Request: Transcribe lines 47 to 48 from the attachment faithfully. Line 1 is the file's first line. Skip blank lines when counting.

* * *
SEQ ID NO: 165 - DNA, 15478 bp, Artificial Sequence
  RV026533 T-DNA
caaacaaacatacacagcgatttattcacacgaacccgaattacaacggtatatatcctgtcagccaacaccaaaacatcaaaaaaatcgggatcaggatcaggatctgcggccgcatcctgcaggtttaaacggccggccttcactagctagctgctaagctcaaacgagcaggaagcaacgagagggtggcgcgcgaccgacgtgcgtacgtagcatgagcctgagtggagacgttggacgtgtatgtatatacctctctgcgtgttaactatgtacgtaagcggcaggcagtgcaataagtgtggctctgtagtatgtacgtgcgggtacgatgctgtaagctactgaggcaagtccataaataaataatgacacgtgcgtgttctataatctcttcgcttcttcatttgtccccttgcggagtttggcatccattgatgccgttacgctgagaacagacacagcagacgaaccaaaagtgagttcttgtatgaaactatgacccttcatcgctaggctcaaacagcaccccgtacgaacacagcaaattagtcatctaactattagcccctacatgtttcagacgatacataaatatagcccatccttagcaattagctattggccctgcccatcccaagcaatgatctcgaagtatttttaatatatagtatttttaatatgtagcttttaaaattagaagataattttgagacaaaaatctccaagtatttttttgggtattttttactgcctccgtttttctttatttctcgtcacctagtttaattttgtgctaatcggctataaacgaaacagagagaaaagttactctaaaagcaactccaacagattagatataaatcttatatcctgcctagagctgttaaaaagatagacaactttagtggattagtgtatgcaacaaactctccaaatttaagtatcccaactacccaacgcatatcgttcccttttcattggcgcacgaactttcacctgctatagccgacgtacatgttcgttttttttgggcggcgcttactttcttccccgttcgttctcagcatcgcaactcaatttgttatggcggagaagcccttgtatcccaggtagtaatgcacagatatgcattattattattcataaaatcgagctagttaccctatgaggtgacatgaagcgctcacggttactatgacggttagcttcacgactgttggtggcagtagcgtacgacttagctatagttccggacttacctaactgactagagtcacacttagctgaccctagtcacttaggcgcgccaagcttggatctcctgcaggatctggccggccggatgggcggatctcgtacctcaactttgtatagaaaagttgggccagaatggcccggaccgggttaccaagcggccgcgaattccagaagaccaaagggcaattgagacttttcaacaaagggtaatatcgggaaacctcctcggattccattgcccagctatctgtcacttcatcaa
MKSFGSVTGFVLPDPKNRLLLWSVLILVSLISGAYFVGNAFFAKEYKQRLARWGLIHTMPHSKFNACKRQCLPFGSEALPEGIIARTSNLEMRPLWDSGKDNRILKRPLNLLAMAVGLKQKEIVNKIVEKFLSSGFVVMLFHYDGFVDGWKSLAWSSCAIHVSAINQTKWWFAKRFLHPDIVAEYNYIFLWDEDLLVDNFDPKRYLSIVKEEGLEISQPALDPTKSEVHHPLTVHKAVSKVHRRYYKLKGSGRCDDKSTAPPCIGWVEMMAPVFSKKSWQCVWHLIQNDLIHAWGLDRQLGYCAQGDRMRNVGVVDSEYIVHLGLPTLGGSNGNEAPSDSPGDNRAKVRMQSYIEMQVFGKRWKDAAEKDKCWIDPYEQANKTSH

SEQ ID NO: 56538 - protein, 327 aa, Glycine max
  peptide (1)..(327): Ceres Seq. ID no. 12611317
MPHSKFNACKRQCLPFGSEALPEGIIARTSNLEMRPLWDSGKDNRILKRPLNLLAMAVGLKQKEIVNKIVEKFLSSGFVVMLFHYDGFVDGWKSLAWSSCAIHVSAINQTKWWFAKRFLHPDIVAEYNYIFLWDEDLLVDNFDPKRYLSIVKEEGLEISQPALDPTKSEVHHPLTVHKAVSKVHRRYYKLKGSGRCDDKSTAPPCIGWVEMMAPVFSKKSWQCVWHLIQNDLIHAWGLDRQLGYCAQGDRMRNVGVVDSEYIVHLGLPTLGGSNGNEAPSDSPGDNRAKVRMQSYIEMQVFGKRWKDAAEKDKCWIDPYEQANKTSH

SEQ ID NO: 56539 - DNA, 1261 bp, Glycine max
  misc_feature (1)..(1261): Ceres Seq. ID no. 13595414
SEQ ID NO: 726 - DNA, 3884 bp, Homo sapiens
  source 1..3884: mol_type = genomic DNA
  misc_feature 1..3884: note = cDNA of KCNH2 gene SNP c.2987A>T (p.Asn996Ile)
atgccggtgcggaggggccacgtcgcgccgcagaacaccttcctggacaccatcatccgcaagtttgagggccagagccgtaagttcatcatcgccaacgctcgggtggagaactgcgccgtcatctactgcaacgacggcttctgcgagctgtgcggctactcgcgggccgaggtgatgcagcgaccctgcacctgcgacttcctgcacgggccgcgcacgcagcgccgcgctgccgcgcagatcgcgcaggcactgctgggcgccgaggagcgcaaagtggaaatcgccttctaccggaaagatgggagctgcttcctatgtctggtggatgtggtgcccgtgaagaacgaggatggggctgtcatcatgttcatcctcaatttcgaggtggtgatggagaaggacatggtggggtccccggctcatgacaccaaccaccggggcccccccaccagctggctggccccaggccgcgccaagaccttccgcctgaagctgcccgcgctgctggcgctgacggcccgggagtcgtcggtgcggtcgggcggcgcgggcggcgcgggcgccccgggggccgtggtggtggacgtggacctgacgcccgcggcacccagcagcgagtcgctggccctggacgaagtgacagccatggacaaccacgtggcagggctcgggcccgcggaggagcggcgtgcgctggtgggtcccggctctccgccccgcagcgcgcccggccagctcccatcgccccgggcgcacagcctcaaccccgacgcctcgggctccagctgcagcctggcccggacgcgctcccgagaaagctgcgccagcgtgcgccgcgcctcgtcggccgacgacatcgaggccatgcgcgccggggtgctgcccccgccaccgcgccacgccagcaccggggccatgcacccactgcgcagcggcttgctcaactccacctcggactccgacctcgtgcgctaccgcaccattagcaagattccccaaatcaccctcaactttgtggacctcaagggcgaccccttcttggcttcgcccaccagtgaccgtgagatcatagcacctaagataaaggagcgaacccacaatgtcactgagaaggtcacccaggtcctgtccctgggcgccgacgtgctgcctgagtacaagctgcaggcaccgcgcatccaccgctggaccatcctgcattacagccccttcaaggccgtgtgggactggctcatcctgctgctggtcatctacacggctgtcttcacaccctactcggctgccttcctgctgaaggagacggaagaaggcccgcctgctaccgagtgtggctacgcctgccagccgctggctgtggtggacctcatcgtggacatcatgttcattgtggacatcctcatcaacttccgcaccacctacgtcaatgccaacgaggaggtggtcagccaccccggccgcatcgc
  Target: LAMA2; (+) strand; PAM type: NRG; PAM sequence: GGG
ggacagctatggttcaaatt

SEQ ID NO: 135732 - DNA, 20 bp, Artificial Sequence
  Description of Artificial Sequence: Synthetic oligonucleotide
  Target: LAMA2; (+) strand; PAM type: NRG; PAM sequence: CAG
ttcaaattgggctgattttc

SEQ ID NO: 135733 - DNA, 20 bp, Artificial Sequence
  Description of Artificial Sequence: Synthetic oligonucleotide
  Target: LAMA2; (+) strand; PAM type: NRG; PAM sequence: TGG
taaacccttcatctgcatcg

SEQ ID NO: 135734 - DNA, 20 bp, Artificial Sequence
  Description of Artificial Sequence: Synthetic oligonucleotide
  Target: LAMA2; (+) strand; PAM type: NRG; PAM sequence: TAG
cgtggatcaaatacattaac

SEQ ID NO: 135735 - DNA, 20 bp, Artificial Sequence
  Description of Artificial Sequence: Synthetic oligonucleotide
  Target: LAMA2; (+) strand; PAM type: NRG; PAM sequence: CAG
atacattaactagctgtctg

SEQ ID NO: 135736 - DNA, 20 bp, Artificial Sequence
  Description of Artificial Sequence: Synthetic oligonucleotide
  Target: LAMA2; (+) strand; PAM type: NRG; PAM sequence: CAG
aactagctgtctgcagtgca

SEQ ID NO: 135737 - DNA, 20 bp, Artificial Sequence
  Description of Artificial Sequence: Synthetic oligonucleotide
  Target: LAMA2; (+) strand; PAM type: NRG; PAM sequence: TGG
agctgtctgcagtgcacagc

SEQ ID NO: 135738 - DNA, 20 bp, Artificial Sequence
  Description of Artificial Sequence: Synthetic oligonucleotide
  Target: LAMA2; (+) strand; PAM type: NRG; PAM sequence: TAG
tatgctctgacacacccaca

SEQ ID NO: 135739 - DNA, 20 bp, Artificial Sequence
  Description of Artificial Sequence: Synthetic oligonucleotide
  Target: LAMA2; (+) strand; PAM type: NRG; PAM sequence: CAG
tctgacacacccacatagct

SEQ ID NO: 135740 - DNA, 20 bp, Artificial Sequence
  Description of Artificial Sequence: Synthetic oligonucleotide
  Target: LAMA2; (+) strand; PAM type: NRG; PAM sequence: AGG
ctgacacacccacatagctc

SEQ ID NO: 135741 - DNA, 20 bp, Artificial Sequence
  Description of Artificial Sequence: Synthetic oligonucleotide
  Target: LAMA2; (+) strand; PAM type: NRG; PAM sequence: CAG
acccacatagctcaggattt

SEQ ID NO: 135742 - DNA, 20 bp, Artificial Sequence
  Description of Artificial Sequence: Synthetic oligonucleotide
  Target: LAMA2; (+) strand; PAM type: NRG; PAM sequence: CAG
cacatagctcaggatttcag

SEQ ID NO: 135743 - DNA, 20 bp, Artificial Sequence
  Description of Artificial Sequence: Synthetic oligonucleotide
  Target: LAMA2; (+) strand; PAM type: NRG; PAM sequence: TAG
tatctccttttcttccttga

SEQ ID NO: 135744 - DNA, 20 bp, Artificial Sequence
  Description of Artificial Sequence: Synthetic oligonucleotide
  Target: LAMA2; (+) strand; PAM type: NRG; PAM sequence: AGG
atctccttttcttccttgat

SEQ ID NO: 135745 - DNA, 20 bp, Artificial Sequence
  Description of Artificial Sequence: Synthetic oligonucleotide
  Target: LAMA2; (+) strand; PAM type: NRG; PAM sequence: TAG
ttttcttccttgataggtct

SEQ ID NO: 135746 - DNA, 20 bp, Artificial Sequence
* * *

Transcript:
tctgacacacccacatagct

SEQ ID NO: 135740 - DNA, 20 bp, Artificial Sequence